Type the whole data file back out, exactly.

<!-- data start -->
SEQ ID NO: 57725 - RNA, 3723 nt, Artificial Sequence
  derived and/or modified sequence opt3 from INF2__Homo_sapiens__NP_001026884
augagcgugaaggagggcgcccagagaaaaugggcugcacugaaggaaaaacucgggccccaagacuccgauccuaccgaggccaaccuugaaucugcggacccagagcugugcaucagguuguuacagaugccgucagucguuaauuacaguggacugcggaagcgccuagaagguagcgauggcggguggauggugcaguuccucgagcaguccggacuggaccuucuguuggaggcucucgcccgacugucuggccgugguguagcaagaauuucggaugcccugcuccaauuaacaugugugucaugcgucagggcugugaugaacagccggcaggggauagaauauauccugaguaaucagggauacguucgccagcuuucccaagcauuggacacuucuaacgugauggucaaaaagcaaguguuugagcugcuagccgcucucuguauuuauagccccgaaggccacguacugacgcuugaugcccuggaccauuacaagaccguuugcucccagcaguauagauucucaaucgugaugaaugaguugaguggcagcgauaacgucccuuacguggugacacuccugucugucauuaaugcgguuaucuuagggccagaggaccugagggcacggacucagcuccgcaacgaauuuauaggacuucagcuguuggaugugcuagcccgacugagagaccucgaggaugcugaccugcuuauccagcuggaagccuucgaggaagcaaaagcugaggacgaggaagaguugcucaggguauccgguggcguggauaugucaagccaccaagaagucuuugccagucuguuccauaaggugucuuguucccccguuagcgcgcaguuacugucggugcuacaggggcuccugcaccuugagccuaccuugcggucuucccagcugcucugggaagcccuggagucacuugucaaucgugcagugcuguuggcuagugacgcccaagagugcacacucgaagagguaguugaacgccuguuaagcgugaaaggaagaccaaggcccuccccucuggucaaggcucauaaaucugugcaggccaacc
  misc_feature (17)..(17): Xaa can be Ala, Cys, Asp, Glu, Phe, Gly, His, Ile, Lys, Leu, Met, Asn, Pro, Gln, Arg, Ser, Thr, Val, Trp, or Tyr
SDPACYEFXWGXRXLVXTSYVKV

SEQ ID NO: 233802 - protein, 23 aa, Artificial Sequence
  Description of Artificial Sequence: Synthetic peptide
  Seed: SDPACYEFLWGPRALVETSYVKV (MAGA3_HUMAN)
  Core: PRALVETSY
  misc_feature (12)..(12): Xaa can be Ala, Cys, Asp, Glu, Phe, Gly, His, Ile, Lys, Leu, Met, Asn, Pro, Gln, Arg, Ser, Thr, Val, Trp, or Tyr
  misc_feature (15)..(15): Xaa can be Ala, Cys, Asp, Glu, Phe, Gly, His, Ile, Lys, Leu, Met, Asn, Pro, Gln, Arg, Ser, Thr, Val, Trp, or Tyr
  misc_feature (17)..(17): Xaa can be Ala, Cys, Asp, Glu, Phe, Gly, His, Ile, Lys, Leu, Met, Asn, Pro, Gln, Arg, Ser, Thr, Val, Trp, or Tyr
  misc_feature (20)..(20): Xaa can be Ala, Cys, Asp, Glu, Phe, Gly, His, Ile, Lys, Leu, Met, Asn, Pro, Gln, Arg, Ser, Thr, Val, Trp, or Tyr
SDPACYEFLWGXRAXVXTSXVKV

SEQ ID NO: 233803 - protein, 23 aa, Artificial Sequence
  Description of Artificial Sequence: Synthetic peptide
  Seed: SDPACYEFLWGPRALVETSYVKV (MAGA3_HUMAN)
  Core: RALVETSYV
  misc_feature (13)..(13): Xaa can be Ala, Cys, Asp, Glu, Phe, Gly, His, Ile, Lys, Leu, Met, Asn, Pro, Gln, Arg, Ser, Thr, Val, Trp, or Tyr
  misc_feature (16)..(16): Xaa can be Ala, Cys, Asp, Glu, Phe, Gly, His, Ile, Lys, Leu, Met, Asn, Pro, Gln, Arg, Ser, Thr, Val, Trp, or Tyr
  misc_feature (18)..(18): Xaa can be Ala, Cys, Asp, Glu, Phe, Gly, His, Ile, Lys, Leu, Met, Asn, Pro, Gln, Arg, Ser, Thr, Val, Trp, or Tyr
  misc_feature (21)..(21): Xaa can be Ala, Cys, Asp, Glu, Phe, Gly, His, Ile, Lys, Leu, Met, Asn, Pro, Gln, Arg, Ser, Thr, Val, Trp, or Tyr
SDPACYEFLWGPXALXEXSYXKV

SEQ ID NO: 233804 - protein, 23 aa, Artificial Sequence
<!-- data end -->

SEQ ID NO: 57725 - RNA, 3723 nt, Artificial Sequence
  derived and/or modified sequence opt3 from INF2__Homo_sapiens__NP_001026884
augagcgugaaggagggcgcccagagaaaaugggcugcacugaaggaaaaacucgggccccaagacuccgauccuaccgaggccaaccuugaaucugcggacccagagcugugcaucagguuguuacagaugccgucagucguuaauuacaguggacugcggaagcgccuagaagguagcgauggcggguggauggugcaguuccucgagcaguccggacuggaccuucuguuggaggcucucgcccgacugucuggccgugguguagcaagaauuucggaugcccugcuccaauuaacaugugugucaugcgucagggcugugaugaacagccggcaggggauagaauauauccugaguaaucagggauacguucgccagcuuucccaagcauuggacacuucuaacgugauggucaaaaagcaaguguuugagcugcuagccgcucucuguauuuauagccccgaaggccacguacugacgcuugaugcccuggaccauuacaagaccguuugcucccagcaguauagauucucaaucgugaugaaugaguugaguggcagcgauaacgucccuuacguggugacacuccugucugucauuaaugcgguuaucuuagggccagaggaccugagggcacggacucagcuccgcaacgaauuuauaggacuucagcuguuggaugugcuagcccgacugagagaccucgaggaugcugaccugcuuauccagcuggaagccuucgaggaagcaaaagcugaggacgaggaagaguugcucaggguauccgguggcguggauaugucaagccaccaagaagucuuugccagucuguuccauaaggugucuuguucccccguuagcgcgcaguuacugucggugcuacaggggcuccugcaccuugagccuaccuugcggucuucccagcugcucugggaagcccuggagucacuugucaaucgugcagugcuguuggcuagugacgcccaagagugcacacucgaagagguaguugaacgccuguuaagcgugaaaggaagaccaaggcccuccccucuggucaaggcucauaaaucugugcaggccaacc
  misc_feature (17)..(17): Xaa can be Ala, Cys, Asp, Glu, Phe, Gly, His, Ile, Lys, Leu, Met, Asn, Pro, Gln, Arg, Ser, Thr, Val, Trp, or Tyr
SDPACYEFXWGXRXLVXTSYVKV

SEQ ID NO: 233802 - protein, 23 aa, Artificial Sequence
  Description of Artificial Sequence: Synthetic peptide
  Seed: SDPACYEFLWGPRALVETSYVKV (MAGA3_HUMAN)
  Core: PRALVETSY
  misc_feature (12)..(12): Xaa can be Ala, Cys, Asp, Glu, Phe, Gly, His, Ile, Lys, Leu, Met, Asn, Pro, Gln, Arg, Ser, Thr, Val, Trp, or Tyr
  misc_feature (15)..(15): Xaa can be Ala, Cys, Asp, Glu, Phe, Gly, His, Ile, Lys, Leu, Met, Asn, Pro, Gln, Arg, Ser, Thr, Val, Trp, or Tyr
  misc_feature (17)..(17): Xaa can be Ala, Cys, Asp, Glu, Phe, Gly, His, Ile, Lys, Leu, Met, Asn, Pro, Gln, Arg, Ser, Thr, Val, Trp, or Tyr
  misc_feature (20)..(20): Xaa can be Ala, Cys, Asp, Glu, Phe, Gly, His, Ile, Lys, Leu, Met, Asn, Pro, Gln, Arg, Ser, Thr, Val, Trp, or Tyr
SDPACYEFLWGXRAXVXTSXVKV

SEQ ID NO: 233803 - protein, 23 aa, Artificial Sequence
  Description of Artificial Sequence: Synthetic peptide
  Seed: SDPACYEFLWGPRALVETSYVKV (MAGA3_HUMAN)
  Core: RALVETSYV
  misc_feature (13)..(13): Xaa can be Ala, Cys, Asp, Glu, Phe, Gly, His, Ile, Lys, Leu, Met, Asn, Pro, Gln, Arg, Ser, Thr, Val, Trp, or Tyr
  misc_feature (16)..(16): Xaa can be Ala, Cys, Asp, Glu, Phe, Gly, His, Ile, Lys, Leu, Met, Asn, Pro, Gln, Arg, Ser, Thr, Val, Trp, or Tyr
  misc_feature (18)..(18): Xaa can be Ala, Cys, Asp, Glu, Phe, Gly, His, Ile, Lys, Leu, Met, Asn, Pro, Gln, Arg, Ser, Thr, Val, Trp, or Tyr
  misc_feature (21)..(21): Xaa can be Ala, Cys, Asp, Glu, Phe, Gly, His, Ile, Lys, Leu, Met, Asn, Pro, Gln, Arg, Ser, Thr, Val, Trp, or Tyr
SDPACYEFLWGPXALXEXSYXKV

SEQ ID NO: 233804 - protein, 23 aa, Artificial Sequence